Anna, yes indeed, the truth can be more than what meets the eye. Sometimes (or maybe even most times) it is important to look within ourselves and reflect than attempt to find answers outside us. Unfortunately most people don’t seem to realize the need for this meditative silence by a person.

    Nancy, thank you for being so kind and generous with your compliments. I am most touched. We all see better days, good days, and yet others not so good. What I try and remember on the “not-so-good” ones is: “this too shall pass”. I hope you have a wonderful day with your sunflower plant, and I’m sure it is sunny as ever, despite those better days. Good luck and I look forward to being in touch with you.

  8. MK July 16, 2012 at 2:02 am #

    I never knew my Debesh; for i should have been his fan when i had lots of time in pune… you are gifted.. keep doing a good job… and, by the way, i see all your posts… my offer to meet for a purpose at Dilli was for real… it still stands…

  9. Anna July 18, 2012 at 7:34 pm #

    Yes, that is a very true Debesh. Most people dont understand some people´s need for meditation in silence, as well the need to restore and get understanding in this often so complicated life. I feel the same way! Meditation is important for everyone. I respect how you practice and emphasize on better nature. It shines through in your work. I wish I could exhibit my work the same way. But, I leave it to the photographers that have the privileged to capture others on film. I am not allowed to here in my practice. But I understand the depth of the souls, even though in my profession we are not asked. Good work you are doing!

  10. Greg Buck July 22, 2012 at 2:03 pm #

    Black and White in this area of photography more times than not, just does not work for me.

    Depending on what you are trying to portray will depend on how these images are seen.

    With landscape, I believe colour gives life and character and this certainly separates those different aspects that we need to see in landscape.

    These simply don’t grab me in the same way as black and white in portrait or street photography where colour can sometimes distract away from the character of the subject.

    Great to see that you see what you see in these images and I admire you for being creative and willing to try different things.

    Thank you.

  11. Ed July 24, 2012 at 10:25 pm #

    What really comes through beautifully in the B&W vegetation shots are the intricate lines that appear in natural environments, in some cases (as in the last three pictures) capturing the movement of the wind across years. great pictures!

  12. Debesh July 26, 2012 at 2:20 pm #

    Thanks a lot MK and Anna; I appreciate your gracious words. MK, yes we need to meet whenever you’re here next.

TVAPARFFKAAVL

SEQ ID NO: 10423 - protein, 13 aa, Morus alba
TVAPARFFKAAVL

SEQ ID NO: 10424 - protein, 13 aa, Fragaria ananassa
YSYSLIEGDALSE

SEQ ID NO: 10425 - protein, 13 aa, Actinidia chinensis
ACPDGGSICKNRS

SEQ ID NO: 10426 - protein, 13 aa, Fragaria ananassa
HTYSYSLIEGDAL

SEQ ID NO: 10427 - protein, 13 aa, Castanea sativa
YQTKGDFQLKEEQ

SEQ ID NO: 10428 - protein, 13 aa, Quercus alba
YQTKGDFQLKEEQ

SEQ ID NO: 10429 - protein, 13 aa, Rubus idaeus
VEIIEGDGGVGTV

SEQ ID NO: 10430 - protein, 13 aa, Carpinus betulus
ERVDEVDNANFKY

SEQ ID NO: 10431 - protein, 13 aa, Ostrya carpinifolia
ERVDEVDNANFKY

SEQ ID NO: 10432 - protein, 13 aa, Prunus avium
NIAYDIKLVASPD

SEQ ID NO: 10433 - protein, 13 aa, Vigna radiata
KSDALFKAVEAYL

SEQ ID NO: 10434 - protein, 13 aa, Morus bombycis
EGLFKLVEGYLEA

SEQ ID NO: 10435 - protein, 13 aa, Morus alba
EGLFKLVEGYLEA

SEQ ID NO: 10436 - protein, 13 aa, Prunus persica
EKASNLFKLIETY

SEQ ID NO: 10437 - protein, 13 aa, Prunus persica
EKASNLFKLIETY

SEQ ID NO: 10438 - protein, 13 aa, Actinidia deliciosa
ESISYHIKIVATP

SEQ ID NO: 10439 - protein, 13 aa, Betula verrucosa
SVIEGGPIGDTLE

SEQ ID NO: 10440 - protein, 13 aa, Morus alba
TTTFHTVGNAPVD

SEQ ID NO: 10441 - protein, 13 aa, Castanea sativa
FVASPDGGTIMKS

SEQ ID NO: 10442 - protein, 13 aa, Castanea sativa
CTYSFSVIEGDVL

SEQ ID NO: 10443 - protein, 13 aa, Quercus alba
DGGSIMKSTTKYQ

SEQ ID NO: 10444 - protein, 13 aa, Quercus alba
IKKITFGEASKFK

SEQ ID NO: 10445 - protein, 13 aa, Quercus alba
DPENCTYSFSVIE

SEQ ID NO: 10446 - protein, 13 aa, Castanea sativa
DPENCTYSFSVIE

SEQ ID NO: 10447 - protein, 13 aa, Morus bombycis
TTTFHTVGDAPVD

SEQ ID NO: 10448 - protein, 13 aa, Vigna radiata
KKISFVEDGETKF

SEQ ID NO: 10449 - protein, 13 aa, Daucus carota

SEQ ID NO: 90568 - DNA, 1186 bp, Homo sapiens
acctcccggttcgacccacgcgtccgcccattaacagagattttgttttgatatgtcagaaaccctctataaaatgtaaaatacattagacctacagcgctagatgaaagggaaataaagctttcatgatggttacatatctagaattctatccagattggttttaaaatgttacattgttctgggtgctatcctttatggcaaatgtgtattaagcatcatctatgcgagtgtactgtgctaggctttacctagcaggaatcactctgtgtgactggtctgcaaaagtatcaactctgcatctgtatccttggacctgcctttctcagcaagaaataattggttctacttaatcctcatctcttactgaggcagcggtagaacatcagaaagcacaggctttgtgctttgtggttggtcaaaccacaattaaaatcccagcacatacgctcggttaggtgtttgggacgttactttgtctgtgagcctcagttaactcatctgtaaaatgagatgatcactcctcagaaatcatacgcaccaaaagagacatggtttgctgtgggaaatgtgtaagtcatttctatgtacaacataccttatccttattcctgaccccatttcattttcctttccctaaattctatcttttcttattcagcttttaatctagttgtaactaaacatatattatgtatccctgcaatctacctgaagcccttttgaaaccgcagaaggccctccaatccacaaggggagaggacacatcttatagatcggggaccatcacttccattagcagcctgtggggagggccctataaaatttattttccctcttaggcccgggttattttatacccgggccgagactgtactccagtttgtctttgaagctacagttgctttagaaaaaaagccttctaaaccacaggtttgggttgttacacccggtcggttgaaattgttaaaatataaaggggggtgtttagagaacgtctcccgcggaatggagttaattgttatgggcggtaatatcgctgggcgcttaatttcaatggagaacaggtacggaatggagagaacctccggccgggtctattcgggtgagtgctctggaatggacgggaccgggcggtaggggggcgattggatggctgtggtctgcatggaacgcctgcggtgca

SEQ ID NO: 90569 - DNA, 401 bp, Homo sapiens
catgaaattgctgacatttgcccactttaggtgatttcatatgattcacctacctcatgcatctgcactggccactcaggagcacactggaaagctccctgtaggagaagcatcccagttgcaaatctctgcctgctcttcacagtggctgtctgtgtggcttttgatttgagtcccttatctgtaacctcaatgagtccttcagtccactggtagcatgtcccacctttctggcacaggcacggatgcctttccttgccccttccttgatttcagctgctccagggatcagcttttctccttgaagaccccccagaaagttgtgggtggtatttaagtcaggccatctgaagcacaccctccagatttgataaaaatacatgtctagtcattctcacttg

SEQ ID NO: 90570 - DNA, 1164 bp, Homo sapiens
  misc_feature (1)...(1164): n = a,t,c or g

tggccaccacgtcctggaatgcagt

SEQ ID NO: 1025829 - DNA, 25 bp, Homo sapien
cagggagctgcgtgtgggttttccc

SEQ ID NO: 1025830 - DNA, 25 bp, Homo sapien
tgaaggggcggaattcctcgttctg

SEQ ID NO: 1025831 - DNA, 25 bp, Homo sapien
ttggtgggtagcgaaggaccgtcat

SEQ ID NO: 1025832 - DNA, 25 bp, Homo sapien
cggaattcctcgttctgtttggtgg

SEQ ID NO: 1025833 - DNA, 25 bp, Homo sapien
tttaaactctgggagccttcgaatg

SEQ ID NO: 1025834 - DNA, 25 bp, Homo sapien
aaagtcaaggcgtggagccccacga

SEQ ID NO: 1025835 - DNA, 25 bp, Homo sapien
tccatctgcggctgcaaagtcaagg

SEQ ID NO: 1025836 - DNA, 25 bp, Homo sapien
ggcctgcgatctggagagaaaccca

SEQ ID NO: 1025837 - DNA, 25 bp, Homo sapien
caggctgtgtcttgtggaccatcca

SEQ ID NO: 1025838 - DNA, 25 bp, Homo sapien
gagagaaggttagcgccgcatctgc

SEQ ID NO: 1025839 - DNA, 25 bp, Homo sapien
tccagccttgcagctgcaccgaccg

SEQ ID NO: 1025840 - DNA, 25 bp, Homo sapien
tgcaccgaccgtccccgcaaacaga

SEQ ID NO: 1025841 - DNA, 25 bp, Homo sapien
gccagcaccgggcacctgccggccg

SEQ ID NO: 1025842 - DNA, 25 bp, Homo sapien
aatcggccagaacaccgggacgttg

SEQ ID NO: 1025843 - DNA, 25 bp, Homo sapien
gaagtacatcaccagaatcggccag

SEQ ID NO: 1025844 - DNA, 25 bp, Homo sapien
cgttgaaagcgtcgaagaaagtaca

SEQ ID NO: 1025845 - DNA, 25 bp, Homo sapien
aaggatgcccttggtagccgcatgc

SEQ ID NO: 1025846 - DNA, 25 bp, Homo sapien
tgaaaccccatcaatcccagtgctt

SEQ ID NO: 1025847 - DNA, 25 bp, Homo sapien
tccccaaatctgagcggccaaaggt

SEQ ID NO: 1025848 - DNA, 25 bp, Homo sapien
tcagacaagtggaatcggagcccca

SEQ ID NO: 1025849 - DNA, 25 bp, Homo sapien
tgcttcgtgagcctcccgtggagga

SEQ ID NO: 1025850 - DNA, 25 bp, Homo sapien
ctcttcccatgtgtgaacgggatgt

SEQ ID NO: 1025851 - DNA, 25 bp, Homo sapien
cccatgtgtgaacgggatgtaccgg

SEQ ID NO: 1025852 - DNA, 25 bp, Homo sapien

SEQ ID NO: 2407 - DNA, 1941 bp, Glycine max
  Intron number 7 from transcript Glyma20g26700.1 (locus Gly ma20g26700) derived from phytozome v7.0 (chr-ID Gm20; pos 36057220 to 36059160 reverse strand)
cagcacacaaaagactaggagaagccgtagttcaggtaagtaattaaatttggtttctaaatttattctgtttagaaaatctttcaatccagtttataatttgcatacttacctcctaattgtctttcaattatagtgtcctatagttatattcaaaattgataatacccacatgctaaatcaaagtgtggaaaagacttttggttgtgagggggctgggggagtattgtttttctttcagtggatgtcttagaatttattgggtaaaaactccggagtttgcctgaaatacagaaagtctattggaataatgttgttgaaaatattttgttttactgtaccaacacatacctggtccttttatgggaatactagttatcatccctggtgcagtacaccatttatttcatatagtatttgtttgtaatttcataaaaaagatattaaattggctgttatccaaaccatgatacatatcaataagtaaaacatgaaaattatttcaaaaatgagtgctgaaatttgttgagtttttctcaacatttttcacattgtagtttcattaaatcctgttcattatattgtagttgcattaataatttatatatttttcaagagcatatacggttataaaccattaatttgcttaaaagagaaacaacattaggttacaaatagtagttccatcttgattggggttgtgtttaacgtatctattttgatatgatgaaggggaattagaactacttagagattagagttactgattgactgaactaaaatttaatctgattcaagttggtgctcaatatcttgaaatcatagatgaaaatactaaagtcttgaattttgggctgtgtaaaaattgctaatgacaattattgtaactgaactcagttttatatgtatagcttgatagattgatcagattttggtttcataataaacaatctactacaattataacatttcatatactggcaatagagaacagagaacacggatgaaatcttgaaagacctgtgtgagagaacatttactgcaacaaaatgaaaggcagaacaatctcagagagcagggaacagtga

Thank you so much Greg for your thoughtful comments which I really appreciate. Yes, I agree about color providing the much needed emphasis to landscapes, but these particular set of images were an “experiment” as you rightly said in doing a high-contrast, high-structure series of trees and seeing how those came out. Another dear friend (also a photographer) told me as well that these photographs would suffice as a “quick-fix” but later the eye searches for the shades in between. I’ll rework these at some point of time and do a comparison. I really appreciate your critique Greg my friend.

    Ed, many thanks for writing in. I’ve been following all your latest photographs – absolutely stunning. Thank you for that art which touches my soul.

  13. GypsyWhim July 26, 2012 at 10:45 pm #

    I am by no means a photographer, however, I love the aesthetic pleasure that photographed images are able to provide me. I actually love the last three images (Himachal tree 4: my fave!) — they remind me of the old Japanese/Chinese tree paintings. I was just reading about Muromachi paintings and the introduction of mononchromes. I don’t pretend to know anything about old ancient oriental art, but on quick glance, these last images almost feel like a contemporary photographic version of the former. Beautiful stuff!

  14. Debesh August 3, 2012 at 6:38 pm #

    Dear Amy,

    Thank you so much for your beautiful words – I treasure them. Strange how you mention Japanese & Chinese art…I’ve been meaning to write on that for a while now. Maybe my next post will be on that. Thank you once again.

  15. Sandra Gibeault September 29, 2012 at 9:11 pm #

    So true… beauty surrounds us and it’s a shame that so many people are so wrapped up in the hustle and bustle of their everyday lives that they forget to look around and see what beauty lies right in front of them… I love reading your posts!

  16. Debesh October 8, 2012 at 6:42 pm #

    Thanks so much Sandy! It is amazing how many of us feel this way, and of those “many”, most are photographers…I daresay and I confess that I wouldn’t have felt this way either had I not discovered the true essence of photography.